A Message From:
Harnessing Nebraska’s Wind Energy
By Farooq Baloch
Wind energy – a sustainable energy source – can be of great economic benefit to Nebraska communities, according to Jerry Hudgins, professor and chair of the Department of Electrical Engineering at the University of Nebraska-Lincoln.
Hudgins said the wind resource, coupled with the agricultural use of the land in Nebraska, makes it possible to install wind farms – power plants that use wind turbines to generate electricity – in the rural areas without causing much disturbance in land use. Large amounts of electrical energy can be generated through these wind farms, he added.
Theoretically, these wind farms can generate enough energy to even meet the electrical demand for the state, he said. However, it will be practical only if scientists are able to find an efficient way to store large amounts of energy – something his research team is working on through the Nebraska Center for Energy Sciences Research (NCESR), of which Hudgins is interim director.
The research is looking at improving the energy density and response speed of intermediate energy storage components or looking at mixed generation systems, such as wind and photovoltaic, to minimize the storage needs, Hudgins said.
Economic and Environmental Benefits for Nebraskans
Hudgins said there is willingness among developers to do wind energy projects and it will be an economic benefit for the local communities to provide their land for production of wind energy. “I see a long-term market here,” he added.
He explained that besides the blades, wind turbines have many other parts – both mechanical and electrical – which are supplied by secondary manufacturers. Once there is a more extensive transmission infrastructure for the wind farms, Nebraska will become attractive as a location for developers and manufacturers, bringing investments worth millions of dollars.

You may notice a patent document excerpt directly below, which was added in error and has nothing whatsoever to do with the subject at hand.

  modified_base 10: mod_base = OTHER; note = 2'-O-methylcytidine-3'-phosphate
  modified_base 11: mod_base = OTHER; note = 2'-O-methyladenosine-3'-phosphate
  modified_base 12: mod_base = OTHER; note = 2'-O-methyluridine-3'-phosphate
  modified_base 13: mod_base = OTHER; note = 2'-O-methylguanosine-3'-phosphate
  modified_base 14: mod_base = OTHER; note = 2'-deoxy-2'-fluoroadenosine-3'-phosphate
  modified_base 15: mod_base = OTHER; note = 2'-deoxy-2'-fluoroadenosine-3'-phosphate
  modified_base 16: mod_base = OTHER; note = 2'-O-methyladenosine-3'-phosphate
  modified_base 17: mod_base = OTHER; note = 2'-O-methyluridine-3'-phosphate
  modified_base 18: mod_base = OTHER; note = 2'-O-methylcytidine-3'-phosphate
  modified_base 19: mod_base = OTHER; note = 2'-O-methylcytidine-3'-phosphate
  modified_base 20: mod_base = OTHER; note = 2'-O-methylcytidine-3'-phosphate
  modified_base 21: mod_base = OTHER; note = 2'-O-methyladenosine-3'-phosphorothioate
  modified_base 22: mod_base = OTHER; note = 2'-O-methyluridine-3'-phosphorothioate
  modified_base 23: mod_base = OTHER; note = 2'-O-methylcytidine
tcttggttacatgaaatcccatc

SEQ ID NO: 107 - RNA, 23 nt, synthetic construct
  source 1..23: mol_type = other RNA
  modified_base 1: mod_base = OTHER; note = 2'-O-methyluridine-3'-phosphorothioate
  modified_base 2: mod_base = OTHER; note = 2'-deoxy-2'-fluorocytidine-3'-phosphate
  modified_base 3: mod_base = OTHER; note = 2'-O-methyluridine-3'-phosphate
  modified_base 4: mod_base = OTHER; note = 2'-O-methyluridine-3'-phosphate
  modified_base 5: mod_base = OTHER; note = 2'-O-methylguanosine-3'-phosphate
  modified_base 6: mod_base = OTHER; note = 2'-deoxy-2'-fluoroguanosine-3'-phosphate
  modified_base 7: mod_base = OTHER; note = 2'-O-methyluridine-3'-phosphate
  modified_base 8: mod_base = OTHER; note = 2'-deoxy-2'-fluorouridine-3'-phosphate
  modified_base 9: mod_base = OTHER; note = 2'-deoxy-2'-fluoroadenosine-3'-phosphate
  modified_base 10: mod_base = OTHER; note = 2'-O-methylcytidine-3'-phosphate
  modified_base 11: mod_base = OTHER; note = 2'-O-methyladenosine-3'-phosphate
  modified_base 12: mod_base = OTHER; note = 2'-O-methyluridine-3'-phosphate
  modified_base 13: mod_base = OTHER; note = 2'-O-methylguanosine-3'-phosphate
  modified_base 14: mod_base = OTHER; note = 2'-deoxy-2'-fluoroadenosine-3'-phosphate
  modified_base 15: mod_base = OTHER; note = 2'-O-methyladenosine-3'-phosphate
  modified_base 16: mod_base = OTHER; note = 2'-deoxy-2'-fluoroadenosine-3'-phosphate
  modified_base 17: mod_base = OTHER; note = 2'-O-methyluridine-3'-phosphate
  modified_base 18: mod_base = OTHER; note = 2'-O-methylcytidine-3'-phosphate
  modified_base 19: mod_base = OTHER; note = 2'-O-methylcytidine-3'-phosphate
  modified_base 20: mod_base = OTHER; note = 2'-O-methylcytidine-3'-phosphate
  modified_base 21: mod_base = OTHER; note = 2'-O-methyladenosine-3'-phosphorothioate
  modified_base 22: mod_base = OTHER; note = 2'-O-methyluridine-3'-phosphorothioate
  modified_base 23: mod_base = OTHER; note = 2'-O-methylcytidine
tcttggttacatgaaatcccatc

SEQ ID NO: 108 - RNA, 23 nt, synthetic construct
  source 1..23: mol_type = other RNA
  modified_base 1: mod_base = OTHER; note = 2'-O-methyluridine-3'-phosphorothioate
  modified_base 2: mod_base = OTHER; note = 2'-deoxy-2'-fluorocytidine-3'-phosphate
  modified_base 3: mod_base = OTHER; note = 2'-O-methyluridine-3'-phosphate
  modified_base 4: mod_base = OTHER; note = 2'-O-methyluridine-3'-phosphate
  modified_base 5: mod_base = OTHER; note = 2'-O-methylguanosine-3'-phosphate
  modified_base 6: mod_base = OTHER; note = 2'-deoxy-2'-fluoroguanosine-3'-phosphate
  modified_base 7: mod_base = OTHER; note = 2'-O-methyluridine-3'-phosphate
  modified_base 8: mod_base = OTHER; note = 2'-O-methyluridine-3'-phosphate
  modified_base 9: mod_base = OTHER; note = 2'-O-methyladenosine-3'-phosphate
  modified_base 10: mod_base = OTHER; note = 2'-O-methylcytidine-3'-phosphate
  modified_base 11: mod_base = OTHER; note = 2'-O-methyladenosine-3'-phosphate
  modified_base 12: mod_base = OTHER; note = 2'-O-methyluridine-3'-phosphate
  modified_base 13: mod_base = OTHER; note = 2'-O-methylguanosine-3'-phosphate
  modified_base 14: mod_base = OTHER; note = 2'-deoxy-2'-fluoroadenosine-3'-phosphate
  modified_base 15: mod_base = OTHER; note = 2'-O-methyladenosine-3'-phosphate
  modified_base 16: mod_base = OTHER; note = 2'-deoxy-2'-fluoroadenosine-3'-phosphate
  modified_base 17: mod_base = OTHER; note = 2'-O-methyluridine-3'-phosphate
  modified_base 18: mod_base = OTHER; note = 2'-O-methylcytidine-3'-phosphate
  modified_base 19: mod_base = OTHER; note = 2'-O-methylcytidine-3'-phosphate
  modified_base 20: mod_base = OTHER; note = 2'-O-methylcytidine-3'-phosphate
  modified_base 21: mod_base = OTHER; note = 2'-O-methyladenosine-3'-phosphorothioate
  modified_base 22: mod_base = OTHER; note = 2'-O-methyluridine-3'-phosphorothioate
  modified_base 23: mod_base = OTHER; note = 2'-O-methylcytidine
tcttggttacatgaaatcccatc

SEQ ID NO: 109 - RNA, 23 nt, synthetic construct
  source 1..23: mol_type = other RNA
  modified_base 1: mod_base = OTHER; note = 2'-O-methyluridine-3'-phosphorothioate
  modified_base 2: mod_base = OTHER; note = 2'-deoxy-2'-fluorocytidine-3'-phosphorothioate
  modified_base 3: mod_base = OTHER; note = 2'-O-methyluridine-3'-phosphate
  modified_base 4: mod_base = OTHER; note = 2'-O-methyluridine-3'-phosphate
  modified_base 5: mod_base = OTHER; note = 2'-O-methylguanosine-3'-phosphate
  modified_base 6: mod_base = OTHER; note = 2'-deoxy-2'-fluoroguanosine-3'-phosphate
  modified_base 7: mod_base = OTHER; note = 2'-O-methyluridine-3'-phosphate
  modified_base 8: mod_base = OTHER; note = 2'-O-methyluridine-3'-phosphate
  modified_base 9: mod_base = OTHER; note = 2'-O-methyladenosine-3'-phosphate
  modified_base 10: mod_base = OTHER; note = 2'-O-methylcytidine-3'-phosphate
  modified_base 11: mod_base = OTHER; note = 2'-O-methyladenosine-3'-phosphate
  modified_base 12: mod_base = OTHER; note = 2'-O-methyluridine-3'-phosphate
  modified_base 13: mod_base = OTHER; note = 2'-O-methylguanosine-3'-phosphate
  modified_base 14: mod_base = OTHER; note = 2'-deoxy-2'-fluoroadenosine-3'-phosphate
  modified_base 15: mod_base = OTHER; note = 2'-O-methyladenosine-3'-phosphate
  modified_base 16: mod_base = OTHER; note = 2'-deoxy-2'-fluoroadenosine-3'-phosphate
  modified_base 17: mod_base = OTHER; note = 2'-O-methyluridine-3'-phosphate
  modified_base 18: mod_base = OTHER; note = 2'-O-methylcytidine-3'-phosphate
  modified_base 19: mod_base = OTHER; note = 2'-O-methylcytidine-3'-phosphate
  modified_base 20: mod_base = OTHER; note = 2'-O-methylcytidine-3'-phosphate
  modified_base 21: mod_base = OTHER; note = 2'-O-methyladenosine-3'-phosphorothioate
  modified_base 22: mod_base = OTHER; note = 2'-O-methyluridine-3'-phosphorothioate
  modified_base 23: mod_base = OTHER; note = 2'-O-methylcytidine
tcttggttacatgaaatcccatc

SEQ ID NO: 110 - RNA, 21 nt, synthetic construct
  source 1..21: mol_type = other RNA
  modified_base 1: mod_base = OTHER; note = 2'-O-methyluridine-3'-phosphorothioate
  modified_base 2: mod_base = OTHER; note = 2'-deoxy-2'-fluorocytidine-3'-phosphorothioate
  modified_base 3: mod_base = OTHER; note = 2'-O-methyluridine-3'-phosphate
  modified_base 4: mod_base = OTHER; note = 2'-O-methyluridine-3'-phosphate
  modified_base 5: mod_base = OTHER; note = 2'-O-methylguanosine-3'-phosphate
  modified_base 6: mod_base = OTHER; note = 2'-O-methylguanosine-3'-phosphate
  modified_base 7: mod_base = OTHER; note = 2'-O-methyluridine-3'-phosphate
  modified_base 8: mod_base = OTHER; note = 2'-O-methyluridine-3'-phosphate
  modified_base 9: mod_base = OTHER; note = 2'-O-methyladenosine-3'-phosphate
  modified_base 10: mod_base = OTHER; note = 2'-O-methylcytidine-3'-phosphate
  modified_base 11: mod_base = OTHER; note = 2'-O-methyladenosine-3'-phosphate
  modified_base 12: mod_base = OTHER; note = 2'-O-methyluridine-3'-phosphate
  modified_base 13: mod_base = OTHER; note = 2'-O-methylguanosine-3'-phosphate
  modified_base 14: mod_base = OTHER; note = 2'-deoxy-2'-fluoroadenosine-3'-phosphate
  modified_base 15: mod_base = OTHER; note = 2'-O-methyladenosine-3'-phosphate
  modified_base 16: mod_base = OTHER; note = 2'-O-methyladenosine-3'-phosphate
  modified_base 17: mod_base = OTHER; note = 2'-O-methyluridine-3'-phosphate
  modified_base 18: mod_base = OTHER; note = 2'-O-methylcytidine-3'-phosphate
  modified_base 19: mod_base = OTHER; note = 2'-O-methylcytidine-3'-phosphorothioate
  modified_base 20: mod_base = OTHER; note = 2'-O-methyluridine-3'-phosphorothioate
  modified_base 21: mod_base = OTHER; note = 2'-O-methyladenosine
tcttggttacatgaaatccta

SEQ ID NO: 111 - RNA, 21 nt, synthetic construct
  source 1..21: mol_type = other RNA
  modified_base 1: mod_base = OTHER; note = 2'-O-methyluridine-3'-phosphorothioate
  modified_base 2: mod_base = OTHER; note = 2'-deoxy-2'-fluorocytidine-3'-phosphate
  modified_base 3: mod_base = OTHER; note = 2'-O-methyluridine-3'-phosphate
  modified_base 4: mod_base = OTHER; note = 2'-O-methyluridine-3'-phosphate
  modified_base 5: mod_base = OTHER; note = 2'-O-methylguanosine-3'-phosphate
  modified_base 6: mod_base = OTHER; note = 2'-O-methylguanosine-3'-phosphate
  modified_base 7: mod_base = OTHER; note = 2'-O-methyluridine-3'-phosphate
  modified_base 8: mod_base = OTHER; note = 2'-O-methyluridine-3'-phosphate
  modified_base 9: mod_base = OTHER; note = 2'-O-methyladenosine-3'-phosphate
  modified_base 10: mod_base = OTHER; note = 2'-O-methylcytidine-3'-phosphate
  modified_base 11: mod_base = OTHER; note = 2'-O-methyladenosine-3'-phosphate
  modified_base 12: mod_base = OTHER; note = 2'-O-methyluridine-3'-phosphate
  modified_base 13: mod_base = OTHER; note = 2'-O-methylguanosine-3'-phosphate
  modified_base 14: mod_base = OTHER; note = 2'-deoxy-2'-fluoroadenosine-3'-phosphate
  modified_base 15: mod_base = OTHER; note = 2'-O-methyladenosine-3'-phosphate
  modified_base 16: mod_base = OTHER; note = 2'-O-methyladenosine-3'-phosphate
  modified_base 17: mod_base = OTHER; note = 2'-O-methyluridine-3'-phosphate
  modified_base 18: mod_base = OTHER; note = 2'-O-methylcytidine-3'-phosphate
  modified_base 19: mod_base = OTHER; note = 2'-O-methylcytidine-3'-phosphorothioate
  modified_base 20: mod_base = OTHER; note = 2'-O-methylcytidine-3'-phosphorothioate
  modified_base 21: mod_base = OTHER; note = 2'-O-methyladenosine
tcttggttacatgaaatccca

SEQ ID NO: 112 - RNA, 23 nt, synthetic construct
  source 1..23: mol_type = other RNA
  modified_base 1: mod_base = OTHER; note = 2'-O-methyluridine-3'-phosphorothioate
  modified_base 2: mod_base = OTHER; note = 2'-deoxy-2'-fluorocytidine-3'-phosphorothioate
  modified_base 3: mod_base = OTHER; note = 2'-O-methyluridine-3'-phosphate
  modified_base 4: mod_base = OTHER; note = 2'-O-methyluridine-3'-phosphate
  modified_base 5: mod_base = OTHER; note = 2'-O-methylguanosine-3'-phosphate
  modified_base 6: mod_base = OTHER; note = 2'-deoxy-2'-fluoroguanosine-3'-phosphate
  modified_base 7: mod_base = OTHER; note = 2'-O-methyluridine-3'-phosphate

In addition to attracting those manufacturing businesses, wind energy projects can also provide large amounts of electricity for residential consumption.
Hudgins, who also is the director of Nebraska Wind Application Center, said wind power is a cost-effective energy source that can supply electricity to the residents of Nebraska.
While this sustainable energy source could be a great economic benefit for Nebraska, it is also non-polluting, as no fuels are combusted to produce electrical energy through wind power. He added that unlike large thermal power plants using nuclear, coal and natural gas, wind energy production doesn’t use water for cooling.
One of the biggest challenges with wind energy systems, according to Hudgins, is the variation in the wind, which makes it hard to plan a consistent production of electrical energy that can be used by the consumers. To address that challenge, practical energy storage solutions must be found to store the large amounts of energy that can be used when the wind isn’t blowing, he said, but that, too is a problem. “If you try to build a large system out of batteries, it’s very expensive and batteries don’t last very long,” he said.
Another challenge, Hudgins said, is creating a transmission infrastructure that can capture wind energy so it can be used. “For instance, the heaviest electrical load is in the summer, when you have irrigation and air conditioning load,” he said. “That’s the biggest time when you use electricity.” He added that the wind resource is the lowest in summer so there is a need to find efficient ways of storing large amounts of energy to use when it is needed.